Dressed in a Carolina-blue hoodie and matching shorts, Tafon Mainsah strolled out of the Charlotte Catholic locker room after his team’s 15-12 win over Waxhaw Marvin Ridge in the first round of the playoffs last week looking as if he was a lifelong North Carolina resident. Mainsah looked comfortable in his attire. A natural fit.
Mainsah has certainly played the cornerback and punt returner positions with an equal measure of familiarity this season. Mainsah leads the team with three punt returns for touchdowns while chipping in 25 tackles and a team-high three interceptions for the Cougars. He’s also broken up seven passes, second on the team only to defensive end Jamie Choulas.
Mainsah’s presence in the secondary, said Charlotte Catholic coach Jim Oddo, has been vital this season, especially as the Cougars have been forced to replace much of last year’s defense, including backfield standout David Herlocker, who also was a force in the return game.
“He hawks the ball well, he’s a good cover guy and he tackles well,” Oddo said of Mainsah. “When he plays zone, he’s unbelievable. He can see the quarterback’s eyes and he’ll jump the ball. He can sit back and hawk the ball as well as anyone we’ve had in a long, long time.”
But much like his Tar Heel fandom and his North Carolina residency, Mainsah’s fluency on the gridiron is still pretty new.
Mainsah began rooting for the Tar Heels when basketball coach Roy Williams joined the program after leading the University of Kansas to prominence. Back then, Mainsah was a youngster in Wichita, Kan.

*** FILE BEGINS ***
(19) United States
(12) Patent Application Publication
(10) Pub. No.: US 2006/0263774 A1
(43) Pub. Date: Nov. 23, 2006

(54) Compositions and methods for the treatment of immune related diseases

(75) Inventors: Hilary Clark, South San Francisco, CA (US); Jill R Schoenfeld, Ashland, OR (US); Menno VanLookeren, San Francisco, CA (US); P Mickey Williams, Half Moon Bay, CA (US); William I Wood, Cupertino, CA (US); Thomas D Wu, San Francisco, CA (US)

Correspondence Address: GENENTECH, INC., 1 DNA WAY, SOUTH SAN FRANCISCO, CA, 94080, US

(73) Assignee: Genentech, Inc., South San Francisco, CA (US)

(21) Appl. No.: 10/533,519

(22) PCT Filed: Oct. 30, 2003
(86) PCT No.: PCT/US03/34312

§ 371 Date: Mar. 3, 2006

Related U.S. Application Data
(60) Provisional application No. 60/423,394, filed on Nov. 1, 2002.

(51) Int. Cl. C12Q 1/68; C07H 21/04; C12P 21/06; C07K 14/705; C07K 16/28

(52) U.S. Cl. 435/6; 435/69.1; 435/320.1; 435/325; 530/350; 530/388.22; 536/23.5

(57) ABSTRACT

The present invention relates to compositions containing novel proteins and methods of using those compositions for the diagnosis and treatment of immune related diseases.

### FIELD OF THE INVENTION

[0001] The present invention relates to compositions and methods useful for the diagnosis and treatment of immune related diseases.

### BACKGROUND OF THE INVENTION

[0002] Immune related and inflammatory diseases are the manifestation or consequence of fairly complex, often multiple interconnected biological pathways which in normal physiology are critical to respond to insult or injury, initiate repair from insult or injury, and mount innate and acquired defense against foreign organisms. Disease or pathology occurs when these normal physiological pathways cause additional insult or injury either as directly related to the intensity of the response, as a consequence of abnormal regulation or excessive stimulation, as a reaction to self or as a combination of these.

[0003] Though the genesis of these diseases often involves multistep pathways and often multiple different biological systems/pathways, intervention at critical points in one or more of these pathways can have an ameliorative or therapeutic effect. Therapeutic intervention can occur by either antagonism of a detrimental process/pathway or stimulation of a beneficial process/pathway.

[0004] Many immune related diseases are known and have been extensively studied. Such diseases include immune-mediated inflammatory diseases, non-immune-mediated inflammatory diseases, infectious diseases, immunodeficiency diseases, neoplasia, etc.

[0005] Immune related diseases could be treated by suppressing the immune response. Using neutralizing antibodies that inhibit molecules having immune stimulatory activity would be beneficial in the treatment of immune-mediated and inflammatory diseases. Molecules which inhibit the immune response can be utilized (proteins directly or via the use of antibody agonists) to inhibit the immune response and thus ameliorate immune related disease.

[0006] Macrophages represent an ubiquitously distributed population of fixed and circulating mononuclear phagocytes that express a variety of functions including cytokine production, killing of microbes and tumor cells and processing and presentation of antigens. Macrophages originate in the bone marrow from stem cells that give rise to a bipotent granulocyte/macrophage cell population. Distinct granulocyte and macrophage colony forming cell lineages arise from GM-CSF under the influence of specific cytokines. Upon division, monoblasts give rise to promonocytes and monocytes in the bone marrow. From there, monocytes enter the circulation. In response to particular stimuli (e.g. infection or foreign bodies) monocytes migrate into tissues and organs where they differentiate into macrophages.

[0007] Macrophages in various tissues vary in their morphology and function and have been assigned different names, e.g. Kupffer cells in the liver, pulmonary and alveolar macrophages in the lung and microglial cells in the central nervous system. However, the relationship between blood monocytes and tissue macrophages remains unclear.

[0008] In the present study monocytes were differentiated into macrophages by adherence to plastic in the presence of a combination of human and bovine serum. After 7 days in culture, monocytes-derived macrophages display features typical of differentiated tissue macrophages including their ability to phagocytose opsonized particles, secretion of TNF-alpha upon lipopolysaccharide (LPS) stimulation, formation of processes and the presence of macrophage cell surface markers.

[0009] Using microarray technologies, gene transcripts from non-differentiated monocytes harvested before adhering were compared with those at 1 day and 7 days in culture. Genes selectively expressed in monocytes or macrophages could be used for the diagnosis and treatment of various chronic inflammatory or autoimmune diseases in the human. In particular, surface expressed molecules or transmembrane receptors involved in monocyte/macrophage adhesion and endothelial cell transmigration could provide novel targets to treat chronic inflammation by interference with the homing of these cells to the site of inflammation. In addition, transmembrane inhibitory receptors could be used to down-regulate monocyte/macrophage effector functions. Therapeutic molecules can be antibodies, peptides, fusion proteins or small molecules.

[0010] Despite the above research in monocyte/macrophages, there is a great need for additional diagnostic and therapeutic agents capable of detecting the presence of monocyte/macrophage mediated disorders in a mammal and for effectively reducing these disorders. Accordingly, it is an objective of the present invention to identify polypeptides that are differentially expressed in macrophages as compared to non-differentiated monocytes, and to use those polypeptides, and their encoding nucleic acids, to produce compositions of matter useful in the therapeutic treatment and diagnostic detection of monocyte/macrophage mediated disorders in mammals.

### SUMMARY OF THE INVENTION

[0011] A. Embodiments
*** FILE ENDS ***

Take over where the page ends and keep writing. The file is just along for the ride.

In those days, Mainsah was a soccer player. As the son of immigrants from Cameroon in Central Africa, soccer was the go-to sport for Mainsah, and really the only one he cared to play as a child. As he got older, he branched out into other sports such as basketball – he still plays guard on the Cougars hoops team – but continued on a competitive tract with soccer, joining select travel teams, even earning a coveted spot on an Olympic Development Program. He played the sport as a freshman and sophomore at Kapaun Mount Carmel High in Wichita, helping the Crusaders to a state semifinal appearance as a 10th-grader.
During the summer before his junior year, his mother, Lillian, got a job in Charlotte, and the two moved to the Queen City. The fresh start presented a unique opportunity for Mainsah, who said he’d been curious about the sport of football but always had opted for the pitch over the gridiron.
“When I moved over here, I was like, ‘I want a change. I don’t really want to play soccer in college – I think it’ll be more exciting to play football,’” Mainsah recalled. “So I made the decision to change.
“I just wanted to try it out.”
Following the move, Mainsah said he visited Charlotte Catholic and watched a football practice.
“I saw how intense it was,” Mainsah said. “I knew pretty quickly how much football meant to the Charlotte Catholic community. I saw pictures of the crowds and how big and crazy they were, and I was like, ‘Dang, this could be pretty cool.’ You’re playing for a lot more, and you just want to uphold that tradition.”
While his soccer teams in Kansas attracted some pretty big crowds, seeing the fan setting during last year’s Cook Cup game against rival Charlotte Country Day gave Mainsah a pretty good indication about what was in store for him.